By Fr. George Welzbacher
November 20, 2011
Betrayal is the word that comes most handily to mind. The betrayal of those Americans, Iraqis and members of NATO forces who sacrificed their lives for a free, democratic, and pro-Western Iraq. The betrayal of those who will be crippled or paralyzed for the rest of their lives from wounds sustained in service to that cause. The betrayal of a Republic that asked our military personnel, at risk of life and limb, to serve that cause and in service to that cause expended as much as a trillion dollars in national treasure. The betrayal of Iraq, because with victory already WON, all that was needed to secure this nascent democracy from its enemies, namely the very same thing that Germany, Japan and South Korea needed after our victory in those theaters of war (and still need today), to wit the presence of American armed forces IN NUMBERS SUFFICIENT TO COUNTERACT emerging threats, will be denied to Iraq. With withdrawal by the end of this year of ALL American forces from Iraq, except for a pathetic handful assigned to guard our embassy and consulates, a massive power vacuum will be created in Iraq, a vacuum into which our sworn enemy, the Islamic Republic of Iran, is already intruding, with an eye to setting up an anti-American coalition stretching from Pakistan and Afghanistan through Iraq, Syria and Lebanon all the way to the Mediterranean Sea.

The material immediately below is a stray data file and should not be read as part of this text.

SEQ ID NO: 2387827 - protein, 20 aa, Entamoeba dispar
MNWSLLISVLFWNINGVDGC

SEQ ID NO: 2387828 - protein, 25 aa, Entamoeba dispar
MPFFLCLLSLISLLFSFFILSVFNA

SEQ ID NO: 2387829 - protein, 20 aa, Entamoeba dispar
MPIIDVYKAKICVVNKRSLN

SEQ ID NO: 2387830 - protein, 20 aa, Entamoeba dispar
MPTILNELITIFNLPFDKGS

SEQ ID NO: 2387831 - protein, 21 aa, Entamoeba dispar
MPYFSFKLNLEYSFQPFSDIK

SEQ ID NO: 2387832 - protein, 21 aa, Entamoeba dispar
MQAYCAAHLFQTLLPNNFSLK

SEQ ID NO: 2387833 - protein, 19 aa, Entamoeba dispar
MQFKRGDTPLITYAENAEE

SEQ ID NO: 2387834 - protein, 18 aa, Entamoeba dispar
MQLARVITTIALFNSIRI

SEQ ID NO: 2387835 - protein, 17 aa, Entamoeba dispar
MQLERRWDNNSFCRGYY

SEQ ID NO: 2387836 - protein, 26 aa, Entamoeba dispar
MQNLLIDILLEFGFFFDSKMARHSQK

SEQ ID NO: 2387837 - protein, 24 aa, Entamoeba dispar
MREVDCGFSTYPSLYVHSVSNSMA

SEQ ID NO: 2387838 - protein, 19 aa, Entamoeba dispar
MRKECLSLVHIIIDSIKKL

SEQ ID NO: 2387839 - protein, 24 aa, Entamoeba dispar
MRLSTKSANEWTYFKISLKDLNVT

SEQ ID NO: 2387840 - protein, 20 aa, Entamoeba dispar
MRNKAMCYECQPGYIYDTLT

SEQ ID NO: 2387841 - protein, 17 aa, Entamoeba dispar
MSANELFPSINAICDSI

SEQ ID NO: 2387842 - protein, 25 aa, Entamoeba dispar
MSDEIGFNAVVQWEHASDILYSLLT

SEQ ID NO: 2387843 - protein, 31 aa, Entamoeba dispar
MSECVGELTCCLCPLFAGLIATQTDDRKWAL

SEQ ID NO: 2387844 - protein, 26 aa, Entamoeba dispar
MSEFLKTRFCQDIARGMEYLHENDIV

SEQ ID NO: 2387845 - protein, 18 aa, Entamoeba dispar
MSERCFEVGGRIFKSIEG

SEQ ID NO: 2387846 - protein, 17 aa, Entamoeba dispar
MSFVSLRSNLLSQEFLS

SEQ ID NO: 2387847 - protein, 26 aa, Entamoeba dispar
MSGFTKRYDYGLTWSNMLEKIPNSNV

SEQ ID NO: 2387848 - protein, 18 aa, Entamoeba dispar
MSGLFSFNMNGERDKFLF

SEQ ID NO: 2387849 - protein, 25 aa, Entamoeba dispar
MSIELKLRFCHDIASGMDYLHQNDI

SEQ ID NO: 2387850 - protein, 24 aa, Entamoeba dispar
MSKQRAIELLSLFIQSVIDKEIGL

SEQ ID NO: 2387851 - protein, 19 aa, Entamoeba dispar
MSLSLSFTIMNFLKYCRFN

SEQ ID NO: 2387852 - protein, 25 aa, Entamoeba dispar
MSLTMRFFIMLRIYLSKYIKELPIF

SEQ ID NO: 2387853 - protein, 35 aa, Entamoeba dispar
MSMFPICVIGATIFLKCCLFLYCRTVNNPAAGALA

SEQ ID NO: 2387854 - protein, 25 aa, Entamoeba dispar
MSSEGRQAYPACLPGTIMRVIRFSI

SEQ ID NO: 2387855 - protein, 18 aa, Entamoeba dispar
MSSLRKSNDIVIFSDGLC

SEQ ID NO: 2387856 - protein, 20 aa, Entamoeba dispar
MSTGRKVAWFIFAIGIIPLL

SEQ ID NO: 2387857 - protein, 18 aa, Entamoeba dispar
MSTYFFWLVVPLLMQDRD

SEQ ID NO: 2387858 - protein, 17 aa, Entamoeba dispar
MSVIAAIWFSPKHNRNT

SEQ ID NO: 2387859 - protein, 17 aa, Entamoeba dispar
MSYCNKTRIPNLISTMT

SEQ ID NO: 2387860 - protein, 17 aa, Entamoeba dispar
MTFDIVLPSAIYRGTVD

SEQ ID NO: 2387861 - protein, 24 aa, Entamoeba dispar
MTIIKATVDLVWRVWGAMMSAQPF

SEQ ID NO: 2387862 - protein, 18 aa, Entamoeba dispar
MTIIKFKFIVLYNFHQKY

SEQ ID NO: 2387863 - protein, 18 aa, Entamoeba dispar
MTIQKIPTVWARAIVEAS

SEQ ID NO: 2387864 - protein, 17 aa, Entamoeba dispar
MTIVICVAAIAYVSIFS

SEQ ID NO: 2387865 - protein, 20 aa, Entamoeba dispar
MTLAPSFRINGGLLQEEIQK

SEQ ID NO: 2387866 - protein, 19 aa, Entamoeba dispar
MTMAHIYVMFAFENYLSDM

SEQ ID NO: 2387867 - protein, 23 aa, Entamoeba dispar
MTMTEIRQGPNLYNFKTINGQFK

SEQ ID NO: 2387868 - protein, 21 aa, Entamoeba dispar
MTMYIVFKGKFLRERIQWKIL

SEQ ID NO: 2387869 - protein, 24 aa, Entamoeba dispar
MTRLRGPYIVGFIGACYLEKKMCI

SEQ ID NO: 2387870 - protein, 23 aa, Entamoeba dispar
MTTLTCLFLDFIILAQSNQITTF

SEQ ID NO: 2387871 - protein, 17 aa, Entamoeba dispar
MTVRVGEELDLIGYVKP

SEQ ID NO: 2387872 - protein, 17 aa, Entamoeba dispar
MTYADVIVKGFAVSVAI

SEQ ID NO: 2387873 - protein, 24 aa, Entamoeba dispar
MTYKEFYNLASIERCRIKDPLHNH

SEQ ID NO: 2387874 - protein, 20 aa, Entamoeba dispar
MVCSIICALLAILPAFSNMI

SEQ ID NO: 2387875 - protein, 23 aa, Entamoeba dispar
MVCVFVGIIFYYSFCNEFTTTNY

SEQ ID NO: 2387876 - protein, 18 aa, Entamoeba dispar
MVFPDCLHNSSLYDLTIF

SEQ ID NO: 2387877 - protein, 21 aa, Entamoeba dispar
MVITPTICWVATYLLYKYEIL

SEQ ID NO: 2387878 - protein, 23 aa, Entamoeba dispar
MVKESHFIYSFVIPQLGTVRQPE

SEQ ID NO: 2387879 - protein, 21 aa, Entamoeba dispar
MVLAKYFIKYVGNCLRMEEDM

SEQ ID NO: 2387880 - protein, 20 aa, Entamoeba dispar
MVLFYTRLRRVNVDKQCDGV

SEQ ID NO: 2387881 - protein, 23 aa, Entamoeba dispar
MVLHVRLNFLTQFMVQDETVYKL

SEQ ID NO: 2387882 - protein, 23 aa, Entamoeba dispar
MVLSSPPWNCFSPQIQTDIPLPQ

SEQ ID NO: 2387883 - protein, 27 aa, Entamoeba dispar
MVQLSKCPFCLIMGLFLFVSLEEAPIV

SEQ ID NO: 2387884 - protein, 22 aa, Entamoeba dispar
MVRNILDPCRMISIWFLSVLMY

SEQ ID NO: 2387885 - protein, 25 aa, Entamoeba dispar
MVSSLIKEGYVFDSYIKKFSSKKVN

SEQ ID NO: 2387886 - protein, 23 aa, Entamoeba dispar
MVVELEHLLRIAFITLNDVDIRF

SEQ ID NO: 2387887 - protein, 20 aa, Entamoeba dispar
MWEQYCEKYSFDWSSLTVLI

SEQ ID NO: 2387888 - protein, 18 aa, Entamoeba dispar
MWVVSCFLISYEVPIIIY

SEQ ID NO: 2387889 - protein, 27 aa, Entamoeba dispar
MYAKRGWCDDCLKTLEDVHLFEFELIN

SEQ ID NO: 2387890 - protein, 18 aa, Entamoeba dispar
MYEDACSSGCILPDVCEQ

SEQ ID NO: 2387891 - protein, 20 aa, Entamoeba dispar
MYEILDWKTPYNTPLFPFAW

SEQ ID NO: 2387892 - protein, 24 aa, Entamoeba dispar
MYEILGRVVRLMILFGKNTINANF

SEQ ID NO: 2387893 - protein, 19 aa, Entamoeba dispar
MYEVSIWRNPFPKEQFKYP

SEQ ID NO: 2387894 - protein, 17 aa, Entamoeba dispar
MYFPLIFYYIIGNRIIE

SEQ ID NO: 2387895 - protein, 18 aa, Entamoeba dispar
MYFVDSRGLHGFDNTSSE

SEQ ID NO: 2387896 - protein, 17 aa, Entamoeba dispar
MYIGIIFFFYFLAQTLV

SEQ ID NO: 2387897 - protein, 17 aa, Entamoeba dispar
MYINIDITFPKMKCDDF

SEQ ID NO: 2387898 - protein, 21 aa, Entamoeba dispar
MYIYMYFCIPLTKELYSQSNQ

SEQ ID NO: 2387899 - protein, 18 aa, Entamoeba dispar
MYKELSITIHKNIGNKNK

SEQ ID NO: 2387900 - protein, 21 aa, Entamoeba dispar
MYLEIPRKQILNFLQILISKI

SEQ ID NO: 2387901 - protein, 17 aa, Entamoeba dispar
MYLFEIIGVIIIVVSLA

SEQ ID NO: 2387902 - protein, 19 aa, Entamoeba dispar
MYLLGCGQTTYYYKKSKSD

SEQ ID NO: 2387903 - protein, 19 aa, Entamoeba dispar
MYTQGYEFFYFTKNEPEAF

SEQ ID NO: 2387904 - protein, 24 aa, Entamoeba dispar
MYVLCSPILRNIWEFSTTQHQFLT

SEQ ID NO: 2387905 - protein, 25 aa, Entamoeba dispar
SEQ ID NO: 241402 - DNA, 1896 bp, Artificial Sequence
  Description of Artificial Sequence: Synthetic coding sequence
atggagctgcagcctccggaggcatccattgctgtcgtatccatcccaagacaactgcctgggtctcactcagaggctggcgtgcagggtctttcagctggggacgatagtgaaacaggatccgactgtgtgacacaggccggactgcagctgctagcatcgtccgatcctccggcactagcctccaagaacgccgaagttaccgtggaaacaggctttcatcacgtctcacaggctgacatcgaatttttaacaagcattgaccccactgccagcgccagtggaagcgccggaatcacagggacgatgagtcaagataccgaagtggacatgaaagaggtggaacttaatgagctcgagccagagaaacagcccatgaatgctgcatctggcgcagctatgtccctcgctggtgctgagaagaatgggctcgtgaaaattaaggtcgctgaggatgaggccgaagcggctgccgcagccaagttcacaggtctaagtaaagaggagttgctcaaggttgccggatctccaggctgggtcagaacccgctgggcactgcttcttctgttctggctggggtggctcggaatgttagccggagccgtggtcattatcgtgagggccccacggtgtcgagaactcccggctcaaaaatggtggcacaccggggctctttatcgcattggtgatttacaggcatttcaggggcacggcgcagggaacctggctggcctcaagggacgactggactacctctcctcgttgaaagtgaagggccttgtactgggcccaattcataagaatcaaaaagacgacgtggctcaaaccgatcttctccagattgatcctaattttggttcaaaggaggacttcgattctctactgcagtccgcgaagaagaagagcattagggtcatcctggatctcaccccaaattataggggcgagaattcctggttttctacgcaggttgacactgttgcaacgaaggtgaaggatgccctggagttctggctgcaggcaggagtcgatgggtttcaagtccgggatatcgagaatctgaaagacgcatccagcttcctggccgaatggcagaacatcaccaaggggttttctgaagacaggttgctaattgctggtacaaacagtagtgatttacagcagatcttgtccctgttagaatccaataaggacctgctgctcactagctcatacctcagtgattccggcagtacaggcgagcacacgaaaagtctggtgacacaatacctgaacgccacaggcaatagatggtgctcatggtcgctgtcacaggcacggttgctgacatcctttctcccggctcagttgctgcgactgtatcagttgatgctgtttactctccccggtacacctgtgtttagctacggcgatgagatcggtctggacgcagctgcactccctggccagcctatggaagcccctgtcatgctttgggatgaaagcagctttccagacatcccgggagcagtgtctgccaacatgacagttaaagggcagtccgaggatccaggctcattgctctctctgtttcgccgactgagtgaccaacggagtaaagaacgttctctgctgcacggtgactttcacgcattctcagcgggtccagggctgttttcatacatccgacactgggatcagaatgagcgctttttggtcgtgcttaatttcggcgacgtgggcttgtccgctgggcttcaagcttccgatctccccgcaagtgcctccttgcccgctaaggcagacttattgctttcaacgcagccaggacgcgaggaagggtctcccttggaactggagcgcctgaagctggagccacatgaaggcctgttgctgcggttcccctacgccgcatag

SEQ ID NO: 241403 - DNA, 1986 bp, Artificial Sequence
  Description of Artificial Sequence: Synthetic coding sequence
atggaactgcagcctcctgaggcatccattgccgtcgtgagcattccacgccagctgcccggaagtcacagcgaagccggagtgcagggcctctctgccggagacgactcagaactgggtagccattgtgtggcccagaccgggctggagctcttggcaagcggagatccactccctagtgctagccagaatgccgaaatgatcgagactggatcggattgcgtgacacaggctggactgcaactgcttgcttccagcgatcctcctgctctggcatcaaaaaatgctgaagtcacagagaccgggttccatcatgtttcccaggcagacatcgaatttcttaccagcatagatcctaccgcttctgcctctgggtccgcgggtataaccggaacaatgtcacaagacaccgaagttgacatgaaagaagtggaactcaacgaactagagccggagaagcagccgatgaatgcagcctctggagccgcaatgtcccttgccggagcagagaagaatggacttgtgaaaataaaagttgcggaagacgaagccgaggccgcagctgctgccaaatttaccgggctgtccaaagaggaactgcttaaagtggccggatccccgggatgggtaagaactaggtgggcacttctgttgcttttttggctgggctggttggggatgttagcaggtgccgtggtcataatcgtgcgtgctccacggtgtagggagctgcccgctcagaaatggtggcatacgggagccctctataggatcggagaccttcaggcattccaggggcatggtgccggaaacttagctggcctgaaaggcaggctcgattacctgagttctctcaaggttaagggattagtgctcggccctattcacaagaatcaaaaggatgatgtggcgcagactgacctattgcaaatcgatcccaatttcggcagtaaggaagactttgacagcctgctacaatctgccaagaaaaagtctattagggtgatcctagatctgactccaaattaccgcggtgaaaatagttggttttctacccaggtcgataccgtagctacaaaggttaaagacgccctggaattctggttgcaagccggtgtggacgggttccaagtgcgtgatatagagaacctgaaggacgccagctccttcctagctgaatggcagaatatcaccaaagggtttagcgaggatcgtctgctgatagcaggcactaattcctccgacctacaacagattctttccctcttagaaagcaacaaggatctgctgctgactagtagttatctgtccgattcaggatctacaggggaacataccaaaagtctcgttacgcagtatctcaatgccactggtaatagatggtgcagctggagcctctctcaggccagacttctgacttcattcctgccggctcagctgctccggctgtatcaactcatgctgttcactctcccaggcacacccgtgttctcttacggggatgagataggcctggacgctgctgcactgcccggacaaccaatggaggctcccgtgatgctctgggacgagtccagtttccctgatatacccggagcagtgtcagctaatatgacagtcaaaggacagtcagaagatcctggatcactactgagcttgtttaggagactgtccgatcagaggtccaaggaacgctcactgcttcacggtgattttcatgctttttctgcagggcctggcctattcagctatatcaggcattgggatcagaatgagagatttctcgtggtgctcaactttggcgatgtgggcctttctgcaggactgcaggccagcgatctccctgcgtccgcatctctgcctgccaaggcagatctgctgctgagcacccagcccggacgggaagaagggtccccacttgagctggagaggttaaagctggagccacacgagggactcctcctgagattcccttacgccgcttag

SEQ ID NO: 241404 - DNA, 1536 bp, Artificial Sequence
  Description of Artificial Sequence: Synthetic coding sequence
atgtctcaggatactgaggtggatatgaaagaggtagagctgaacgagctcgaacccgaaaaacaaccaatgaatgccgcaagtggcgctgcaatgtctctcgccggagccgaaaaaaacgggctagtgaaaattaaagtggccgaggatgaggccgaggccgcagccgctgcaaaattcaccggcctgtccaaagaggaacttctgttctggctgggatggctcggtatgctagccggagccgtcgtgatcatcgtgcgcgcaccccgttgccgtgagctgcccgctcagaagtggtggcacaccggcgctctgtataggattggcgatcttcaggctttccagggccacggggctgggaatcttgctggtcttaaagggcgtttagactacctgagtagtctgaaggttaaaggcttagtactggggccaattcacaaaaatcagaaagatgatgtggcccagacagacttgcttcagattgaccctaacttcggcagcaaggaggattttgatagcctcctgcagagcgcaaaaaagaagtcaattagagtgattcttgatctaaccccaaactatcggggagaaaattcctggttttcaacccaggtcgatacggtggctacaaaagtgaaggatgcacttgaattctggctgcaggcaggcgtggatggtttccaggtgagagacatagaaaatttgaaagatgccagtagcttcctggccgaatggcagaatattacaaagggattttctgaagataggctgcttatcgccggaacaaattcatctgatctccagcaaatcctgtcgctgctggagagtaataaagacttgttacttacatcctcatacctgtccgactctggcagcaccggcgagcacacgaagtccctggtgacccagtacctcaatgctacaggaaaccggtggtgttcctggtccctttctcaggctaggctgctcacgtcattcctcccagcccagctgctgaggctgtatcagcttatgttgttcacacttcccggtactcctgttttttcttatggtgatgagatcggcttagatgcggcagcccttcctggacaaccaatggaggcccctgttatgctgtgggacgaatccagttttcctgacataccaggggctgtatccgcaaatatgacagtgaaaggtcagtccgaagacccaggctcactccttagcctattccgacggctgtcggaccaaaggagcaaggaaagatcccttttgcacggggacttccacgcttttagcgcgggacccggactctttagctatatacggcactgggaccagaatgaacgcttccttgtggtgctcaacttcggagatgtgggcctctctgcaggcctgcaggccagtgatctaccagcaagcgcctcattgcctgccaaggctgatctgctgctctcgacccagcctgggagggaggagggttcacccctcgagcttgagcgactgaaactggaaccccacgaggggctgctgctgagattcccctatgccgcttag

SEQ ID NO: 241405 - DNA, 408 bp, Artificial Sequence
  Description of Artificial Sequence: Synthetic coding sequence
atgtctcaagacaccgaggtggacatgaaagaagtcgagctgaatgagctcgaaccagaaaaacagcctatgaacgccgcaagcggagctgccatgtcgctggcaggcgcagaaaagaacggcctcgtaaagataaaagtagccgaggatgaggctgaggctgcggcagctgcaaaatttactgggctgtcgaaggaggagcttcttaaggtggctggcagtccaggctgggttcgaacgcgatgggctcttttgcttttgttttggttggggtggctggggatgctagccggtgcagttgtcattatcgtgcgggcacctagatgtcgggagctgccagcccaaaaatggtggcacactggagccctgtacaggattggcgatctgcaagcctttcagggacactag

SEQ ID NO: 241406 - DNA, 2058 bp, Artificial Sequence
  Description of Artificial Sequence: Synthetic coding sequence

That at least is one assessment of America's abandonment of Iraq to the aggressive appetites of its next-door neighbor, Iran. This is the assessment voiced by many, and most notably by one of our nation's most perceptive public commentators, Charles Krauthammer. It is an assessment that should prompt patriotic Americans to get down on their knees to pray for our own Republic, threatened on many fronts, within and without, including accelerating dangers from the Middle East.
In the on-going debate about the wisdom or folly of this soon-to-be-implemented evacuation of American military power from a crucially important crossroads of the Middle East, here is Charles Krauthammer's comment.
* * * * *Who Lost Iraq?
National Review On-Line, November 3, 2011
Barack Obama was a principled opponent of the Iraq War from its beginning. But when he became president in January 2009, he was handed a war that was WON. The surge had SUCCEEDED. Al-Qaeda in Iraq had been ROUTED, driven to humiliating defeat by an Anbar Awakening of Sunnis fighting side-by-side with the infidel Americans. Even more remarkably, the SHIITE MILITIAS had been TAKEN DOWN, with American backing, by the forces of Shiite Prime Minister Nouri al-Maliki. They crushed the [viciously anti-American] Sadr militias from Basra [in the far south] to Sadr City [the slums of Baghdad.].
Al-Qaeda decimated. A Shiite prime minister taking a decisively nationalist line. Iraqi Sunnis ready to integrate into a new national government. U.S, casualties at their lowest ebb in the entire war. Elections approaching. Obama was left with but a SINGLE TASK: Negotiate a new status-of-forces AGREEMENT (SOFA) to reinforce these gains and create a strategic partnership with the Arab world's only democracy....